The original title I had written for this post was “On Moving to Vallejo”. But as I am currently sitting on the floor of our bedroom, the contents of our apartment stuffed into two storage pods parked outside, on our final day in the city that we moved to three and a half years ago, what feels most relevant is that to actually move to Vallejo…we have to leave Portland. And we love Portland.
I should back up. Remember that long post I wrote about our search for a house to rent in Portland, how I fell in love with one last December that we came very close to getting, but didn’t, and it left me feeling kind of defeated? Well, it’s a good thing someone else rented that perfect house with the yard on Ramona Street, because in January, Joe was given an interview for a PA school in Vallejo, California. It was the last school he had applied to, almost as an afterthought. With just 44 seats in the class and 250 people interviewing, we knew it was a long shot, but we also knew it was possible. That this could be his chance.
After a two-week process in which we conducted mock interview after mock interview in our living room and strategized answers to every possible question we could think of, Joe flew to California with a stack of flashcards, his suit, and a new pair of dress shoes. I said a few prayers to whatever Gods might be listening and hoped, hoped, hoped. We’d gone for dinner with our friend Sam two nights before and when we told him the odds that Joe was facing, he said, “But they invited you to interview. They must have seen something in you from your application. So the opportunity is there.”
These words stayed with me, and when doubts cropped up, I clung to them, and reminded Joe of them. The opportunity is there.
The letter from Touro University arrived on a rainy Portland Saturday nearly three weeks after his interview, and by then we were 99% sure he hadn’t been accepted, as he’d been told they usually call the students they accept, and we had heard nothing. Assuming it was a rejection letter, he didn’t open it right away, but I noticed the envelope was thicker than a classic one-page rejection, and said, “You might as well open it.” The next words to come out of his mouth were, “Holy sh*t, I got in.”
Turns out, the official motto for Vallejo is: City of Opportunity.
It’s these kind of coincidences that resurrect my faith in destiny.
On June 27th, we’ll be pulling into town (after a month of travelling) to start our next chapter. More to come on what kind of opportunities await us in Vallejo, but first…leaving Portland.
Joe I were living in Korea in 2011 when we decided that Portland, Oregon would be our next home. We moved here in the fall of 2012, soon after getting engaged, neither of us having been to the city before. (We’d both heard good things.) While living here we thought it was very likely somewhere we would spend the next five or even ten years. It’s the kind of place that makes it easy to love. You walk along the streets on a spring day and know that no matter what is going on in your life, what challenges you might be having or what dreams you are quietly striving toward, you are lucky just to be here.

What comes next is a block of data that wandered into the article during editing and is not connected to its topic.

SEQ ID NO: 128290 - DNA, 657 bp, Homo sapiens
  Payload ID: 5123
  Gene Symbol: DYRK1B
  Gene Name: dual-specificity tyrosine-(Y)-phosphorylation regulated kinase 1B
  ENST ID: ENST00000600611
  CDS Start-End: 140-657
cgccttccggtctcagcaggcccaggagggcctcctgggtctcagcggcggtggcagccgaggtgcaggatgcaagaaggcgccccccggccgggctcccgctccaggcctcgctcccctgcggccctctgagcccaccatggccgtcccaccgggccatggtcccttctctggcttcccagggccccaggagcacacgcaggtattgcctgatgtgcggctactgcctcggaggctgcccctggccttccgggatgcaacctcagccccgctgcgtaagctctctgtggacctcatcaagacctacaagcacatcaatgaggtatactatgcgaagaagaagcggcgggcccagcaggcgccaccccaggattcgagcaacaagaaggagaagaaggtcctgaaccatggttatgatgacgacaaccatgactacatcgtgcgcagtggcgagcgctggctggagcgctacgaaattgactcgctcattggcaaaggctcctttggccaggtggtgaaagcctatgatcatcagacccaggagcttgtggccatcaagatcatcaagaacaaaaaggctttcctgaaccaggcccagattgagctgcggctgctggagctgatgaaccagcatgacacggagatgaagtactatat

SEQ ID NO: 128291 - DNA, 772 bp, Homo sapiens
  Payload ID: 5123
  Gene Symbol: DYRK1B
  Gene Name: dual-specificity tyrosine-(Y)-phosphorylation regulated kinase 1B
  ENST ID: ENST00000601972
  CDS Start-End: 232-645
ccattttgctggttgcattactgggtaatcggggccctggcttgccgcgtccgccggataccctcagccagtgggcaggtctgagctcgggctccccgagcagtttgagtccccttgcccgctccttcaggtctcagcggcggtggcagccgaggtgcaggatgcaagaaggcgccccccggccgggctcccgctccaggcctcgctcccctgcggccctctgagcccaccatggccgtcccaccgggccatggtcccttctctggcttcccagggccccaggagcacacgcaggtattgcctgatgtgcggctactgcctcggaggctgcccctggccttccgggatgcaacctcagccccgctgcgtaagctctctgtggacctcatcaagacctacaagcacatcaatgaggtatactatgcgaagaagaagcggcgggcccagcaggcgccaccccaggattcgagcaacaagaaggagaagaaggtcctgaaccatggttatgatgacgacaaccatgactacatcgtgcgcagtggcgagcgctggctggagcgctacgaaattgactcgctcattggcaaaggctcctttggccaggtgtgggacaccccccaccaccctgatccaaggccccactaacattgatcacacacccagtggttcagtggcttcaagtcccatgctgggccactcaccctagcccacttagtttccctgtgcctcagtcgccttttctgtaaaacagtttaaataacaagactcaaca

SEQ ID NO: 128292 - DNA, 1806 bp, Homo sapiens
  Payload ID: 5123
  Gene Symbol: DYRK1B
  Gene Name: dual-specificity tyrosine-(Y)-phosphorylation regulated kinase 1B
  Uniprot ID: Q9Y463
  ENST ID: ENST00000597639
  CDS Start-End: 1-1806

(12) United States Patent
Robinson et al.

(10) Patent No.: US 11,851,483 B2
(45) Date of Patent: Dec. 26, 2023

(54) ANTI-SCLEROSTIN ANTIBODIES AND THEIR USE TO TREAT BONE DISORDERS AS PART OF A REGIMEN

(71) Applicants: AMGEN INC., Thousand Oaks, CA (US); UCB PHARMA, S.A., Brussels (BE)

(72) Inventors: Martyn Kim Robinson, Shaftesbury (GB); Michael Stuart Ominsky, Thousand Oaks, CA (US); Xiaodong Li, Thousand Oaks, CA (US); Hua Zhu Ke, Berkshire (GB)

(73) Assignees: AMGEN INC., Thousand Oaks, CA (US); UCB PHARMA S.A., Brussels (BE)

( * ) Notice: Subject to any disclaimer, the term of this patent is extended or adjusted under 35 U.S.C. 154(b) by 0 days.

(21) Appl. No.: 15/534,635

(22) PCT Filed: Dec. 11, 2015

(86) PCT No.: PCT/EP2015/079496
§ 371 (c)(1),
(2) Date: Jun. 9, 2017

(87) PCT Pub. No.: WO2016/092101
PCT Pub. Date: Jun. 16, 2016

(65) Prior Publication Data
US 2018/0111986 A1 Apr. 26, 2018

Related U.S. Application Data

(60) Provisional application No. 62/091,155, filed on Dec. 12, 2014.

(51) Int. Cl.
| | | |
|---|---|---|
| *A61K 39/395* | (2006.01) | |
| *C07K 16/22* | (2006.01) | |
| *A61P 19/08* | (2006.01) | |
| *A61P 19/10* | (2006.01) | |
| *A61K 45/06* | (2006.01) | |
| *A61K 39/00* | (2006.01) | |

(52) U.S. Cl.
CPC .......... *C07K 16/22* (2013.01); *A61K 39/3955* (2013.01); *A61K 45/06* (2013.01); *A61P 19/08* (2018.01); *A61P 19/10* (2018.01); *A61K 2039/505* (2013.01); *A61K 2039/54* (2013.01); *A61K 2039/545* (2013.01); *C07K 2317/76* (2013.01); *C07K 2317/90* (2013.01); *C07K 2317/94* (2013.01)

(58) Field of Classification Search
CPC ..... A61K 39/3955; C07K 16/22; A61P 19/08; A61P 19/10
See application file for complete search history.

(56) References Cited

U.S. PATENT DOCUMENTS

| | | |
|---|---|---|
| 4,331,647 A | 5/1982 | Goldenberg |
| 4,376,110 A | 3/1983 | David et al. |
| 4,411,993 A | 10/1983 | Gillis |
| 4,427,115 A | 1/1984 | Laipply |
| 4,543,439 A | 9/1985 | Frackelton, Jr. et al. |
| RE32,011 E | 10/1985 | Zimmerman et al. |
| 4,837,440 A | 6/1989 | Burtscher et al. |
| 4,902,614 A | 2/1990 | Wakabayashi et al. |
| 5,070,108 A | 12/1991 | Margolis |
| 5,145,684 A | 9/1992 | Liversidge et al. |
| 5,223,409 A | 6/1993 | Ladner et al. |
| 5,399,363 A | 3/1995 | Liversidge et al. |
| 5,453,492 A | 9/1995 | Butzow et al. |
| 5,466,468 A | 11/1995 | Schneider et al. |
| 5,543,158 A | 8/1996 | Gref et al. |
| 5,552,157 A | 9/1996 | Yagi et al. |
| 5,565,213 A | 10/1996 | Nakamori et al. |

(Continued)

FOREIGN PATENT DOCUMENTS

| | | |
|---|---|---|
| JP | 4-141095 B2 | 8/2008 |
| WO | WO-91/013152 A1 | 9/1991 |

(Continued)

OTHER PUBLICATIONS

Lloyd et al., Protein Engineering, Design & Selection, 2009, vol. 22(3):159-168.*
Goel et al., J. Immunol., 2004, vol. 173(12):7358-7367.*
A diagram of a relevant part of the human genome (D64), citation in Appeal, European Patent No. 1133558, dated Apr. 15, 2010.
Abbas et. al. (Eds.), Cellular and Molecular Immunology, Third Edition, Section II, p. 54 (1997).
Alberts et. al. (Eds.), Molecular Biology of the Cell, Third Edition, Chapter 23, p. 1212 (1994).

I purposely haven’t written about our move until now because although we are very excited about this next stage of our path, I wanted to stay present in Portland for as long as we were here, including on the blog. (Well, I meant to write about it a little sooner than now…but, you know, PACKING.) I wanted to spend my remaining time appreciating the apartment we live in, the streets of our neighbourhood, the friends we’ve made. The roses are blooming in front yards and I’ve been stopping as I walk by, and breathing them in. This city is growing quickly; lately I overhear conversations almost daily between people who have just arrived. We are leaving, it feels, just as a giant wave of people are descending. And Joe and I are going somewhere smaller —Vallejo’s population is under 120,000. But it’s also just a 40 minute drive (or 1 hour ferry) to San Francisco, and 20 minutes to the Napa Valley. It has hills and palm trees and a lot of sun. When we visited in March it felt quiet, but promising, and moving there feels like a natural next step.
When I was 17 and saving for my first trip away, to Europe, I had the distinct sense that my future friends were already out there…I just had to find them. It turned out to be true, and this has provided all my moves since with a sense of trust.
Today we drive to Seattle to stay a night with my friend Josh, who I met 18 years ago on the boat docks in Eilat, Israel. His home is the first stop on our ‘transition trip’: A month-long excursion that will take us from Seattle to Bellingham, Vancouver, Victoria, and then camping down the Oregon and California coasts. As of August, for the next two and a half years, Joe will be studying to become a physician assistant. The program he is taking is a double masters: PA as well as Public Health. Needless to say, he will be focused, and life will be full. So the next month is our time to enjoy what we love most: travel, nature, friends, family, and just hanging out together in beautiful places.
Portland, you have been a huge stepping stone in my life. I am grateful, and I will miss you…especially, always, our friends. (Thank you, thank you.)
People have asked recently, “What will you be doing while Joe is in school?”
I just smile and say,”I’ll be writing.”
The opportunity is there…